The narrator of The Forgotten One (Kristy McNichol) is not central to the story, which made it obvious from the start that the hero was not going to survive. Otherwise he'd've been the point of view character, which he was most of the time despite Kristy's inessential narration.
An author moves into a haunted Victorian mansion & the first two-thirds of the film is pretty standard but surprisingly good low-budget horror. An exceedingly beautiful femme fatale ghost-girl wants to kill our hero & bring him to her side of the veil. She's played by Elisabeth Brooke who'll always be remembered as Marsha in The Howling. This actress died in 1995 fairly young, of brain cancer. Brooks attended horror film conventions & is remembered by many horror fans. She seemed really to like horror rather than just settling for the roles in order to be employed; & she was generous to her fans who as we all know are rather goofily dedicated both to scream queens & femme fatales.
Her 1990 vehicle The Forgotten One provided an uneven script but her performance is a good one throughout, reprising the "evil seductress" Marsha-type character. The leading man (Terry O'Quinn) gets to play what is usually the woman's role of going in the basement half naked with only a flashlight & stammering "Who's there?" & the first glimpses of the ghost vary from horrible to awakening pity as she cries tragically "let me out" from behind the wall where she was buried alive generations earlier.
It's all rather creepy for a while, but the mood unexpectedly changes & the film's last third isn't as good as the beginning & middle. When it's clear the leading man is the reincarnation of the murdered woman's lover from the past, he starts to understand he really is in love with the ghost & would rather be with her than with Kristy McNichol.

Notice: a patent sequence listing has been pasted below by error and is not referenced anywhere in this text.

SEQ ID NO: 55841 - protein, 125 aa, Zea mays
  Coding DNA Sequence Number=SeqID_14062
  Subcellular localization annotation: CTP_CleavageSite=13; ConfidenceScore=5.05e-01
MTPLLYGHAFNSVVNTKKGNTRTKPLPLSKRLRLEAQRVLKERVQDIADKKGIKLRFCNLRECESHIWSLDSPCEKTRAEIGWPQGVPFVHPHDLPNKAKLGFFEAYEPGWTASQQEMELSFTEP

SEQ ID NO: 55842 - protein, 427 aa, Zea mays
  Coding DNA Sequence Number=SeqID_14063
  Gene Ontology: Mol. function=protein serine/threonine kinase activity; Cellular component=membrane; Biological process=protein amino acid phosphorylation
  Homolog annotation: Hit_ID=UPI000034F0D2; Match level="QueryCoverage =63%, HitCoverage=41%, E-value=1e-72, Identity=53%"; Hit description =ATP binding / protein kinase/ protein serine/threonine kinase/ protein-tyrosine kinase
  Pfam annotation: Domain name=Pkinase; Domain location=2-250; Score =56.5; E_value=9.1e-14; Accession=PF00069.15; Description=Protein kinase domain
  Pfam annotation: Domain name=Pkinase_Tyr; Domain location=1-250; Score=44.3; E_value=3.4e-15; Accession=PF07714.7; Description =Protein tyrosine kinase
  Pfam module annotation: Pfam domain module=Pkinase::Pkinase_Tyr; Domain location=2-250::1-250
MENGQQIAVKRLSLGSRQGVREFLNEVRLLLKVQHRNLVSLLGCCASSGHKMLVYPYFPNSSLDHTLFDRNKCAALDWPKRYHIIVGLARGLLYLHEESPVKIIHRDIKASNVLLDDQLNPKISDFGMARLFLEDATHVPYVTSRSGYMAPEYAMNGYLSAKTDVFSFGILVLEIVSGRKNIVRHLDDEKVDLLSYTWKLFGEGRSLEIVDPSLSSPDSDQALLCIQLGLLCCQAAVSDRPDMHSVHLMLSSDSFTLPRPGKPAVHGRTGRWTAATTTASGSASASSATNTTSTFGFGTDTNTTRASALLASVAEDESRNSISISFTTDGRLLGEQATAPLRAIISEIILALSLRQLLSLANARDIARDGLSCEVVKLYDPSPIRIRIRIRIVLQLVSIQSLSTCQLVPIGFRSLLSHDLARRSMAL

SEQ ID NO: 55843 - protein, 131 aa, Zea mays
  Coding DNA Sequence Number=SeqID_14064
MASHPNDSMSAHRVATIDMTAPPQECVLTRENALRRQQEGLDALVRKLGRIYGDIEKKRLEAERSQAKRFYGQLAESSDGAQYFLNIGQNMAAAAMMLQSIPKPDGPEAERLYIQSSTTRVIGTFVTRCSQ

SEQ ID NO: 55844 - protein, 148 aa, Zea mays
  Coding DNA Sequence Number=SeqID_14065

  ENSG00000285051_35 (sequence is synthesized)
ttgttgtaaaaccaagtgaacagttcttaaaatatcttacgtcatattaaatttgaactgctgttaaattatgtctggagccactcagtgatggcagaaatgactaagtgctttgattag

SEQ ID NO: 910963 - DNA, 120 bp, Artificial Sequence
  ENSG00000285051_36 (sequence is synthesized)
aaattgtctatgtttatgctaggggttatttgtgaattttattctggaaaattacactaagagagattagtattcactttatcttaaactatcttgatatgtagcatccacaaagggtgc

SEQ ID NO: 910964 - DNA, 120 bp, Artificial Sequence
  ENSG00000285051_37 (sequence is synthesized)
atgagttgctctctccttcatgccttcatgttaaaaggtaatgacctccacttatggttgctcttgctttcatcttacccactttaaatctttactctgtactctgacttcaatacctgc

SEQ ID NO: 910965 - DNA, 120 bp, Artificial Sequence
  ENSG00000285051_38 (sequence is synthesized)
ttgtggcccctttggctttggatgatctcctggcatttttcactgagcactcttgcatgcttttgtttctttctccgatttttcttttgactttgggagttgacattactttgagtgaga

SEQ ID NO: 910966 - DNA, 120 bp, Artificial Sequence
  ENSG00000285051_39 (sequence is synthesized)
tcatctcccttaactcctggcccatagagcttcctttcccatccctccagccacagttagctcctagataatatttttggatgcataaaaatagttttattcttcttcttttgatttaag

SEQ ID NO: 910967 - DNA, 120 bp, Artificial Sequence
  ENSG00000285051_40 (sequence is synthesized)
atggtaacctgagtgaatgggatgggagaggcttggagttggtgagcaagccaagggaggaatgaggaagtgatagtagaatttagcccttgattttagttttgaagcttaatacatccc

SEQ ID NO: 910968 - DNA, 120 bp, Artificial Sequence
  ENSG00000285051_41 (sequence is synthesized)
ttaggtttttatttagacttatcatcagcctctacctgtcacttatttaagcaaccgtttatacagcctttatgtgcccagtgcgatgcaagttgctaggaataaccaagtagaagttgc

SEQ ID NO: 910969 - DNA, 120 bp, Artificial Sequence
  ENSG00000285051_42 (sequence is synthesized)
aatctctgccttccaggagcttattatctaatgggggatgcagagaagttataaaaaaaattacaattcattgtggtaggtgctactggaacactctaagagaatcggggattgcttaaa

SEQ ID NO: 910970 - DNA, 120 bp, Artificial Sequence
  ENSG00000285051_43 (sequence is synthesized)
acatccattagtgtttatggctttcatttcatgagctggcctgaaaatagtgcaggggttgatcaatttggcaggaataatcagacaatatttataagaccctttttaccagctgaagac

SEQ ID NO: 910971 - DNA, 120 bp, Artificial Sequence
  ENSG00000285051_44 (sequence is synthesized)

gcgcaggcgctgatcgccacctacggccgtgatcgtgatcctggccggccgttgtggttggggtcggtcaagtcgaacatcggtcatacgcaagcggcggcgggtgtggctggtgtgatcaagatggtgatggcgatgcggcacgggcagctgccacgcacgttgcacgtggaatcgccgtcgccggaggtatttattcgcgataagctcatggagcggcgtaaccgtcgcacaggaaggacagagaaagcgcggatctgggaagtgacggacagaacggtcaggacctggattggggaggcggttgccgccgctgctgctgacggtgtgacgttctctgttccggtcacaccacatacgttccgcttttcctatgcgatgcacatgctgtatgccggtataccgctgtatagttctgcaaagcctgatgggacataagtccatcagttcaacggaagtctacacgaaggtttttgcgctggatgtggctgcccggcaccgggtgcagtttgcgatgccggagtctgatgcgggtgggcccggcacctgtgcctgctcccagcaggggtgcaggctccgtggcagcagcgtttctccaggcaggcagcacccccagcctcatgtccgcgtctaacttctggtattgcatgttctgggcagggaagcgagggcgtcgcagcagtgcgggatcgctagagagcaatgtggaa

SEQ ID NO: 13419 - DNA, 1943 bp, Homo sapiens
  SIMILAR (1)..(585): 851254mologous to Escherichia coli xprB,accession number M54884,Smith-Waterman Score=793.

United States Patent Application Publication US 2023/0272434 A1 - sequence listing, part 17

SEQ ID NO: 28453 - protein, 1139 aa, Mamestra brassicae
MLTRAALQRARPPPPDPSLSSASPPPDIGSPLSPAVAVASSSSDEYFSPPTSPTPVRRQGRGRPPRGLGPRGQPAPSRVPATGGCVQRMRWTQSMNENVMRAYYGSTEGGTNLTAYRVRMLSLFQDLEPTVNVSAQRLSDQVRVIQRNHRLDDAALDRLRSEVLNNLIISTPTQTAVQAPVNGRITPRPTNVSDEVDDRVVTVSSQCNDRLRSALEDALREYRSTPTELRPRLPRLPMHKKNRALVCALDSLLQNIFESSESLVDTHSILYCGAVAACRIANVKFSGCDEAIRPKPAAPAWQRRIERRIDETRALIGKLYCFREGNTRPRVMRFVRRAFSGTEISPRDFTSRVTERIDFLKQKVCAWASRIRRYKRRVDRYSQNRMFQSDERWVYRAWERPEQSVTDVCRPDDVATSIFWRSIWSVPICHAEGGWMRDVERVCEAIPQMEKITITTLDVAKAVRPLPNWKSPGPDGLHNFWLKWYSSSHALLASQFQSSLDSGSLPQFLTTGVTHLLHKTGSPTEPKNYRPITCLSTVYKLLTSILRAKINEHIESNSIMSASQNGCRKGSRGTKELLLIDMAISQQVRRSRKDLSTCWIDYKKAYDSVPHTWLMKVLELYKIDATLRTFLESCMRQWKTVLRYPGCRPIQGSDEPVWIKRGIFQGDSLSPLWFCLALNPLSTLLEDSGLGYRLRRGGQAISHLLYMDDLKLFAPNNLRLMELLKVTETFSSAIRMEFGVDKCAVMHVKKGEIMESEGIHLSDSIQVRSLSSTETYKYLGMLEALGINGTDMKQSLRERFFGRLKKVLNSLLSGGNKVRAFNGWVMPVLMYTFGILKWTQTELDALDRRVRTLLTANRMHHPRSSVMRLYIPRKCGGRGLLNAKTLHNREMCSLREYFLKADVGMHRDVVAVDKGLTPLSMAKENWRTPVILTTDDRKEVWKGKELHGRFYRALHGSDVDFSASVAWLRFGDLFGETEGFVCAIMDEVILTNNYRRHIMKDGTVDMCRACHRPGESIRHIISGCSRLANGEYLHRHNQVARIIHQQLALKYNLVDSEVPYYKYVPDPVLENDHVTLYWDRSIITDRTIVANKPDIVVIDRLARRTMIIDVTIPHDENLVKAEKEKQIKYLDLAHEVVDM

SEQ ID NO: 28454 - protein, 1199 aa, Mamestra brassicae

Except for the fact that O'Quinn looks like a middleaged working class shlub instead of a stud-muffin such as Romance Fiction usually requires, the film mainly deteriorates into a Harlequin Romance with the supernatural added. The climactic sequences with O'Quinn fleeing, Brooks pursuing, & McNichol rather ineffectually seeking a way to destroy the spirit, is a bad clutter of images, too many changing sets, & poor plot continuity. It's like the scriptwriter wasn't sure if the climax was supposed to be horrific or romantic so it turned out being neither one.
Brooks as the ghost-girl is certainly gorgeous & several of her key scenes especially in the first two-thirds of the film are really nicely done. When her premature burial box was dug out of the basement wall, I thought the mummified remains were very aesthetically designed -- her bent up corpse was tragic, spooky, & oddly beautiful all at the same time. It's mostly a pretty captivating film, though the ultimate assumption that it's sexy & good to have a beautiful ghost repeately attempt to kill you never quite convinced me.
copyright © by Paghat the Ratgirl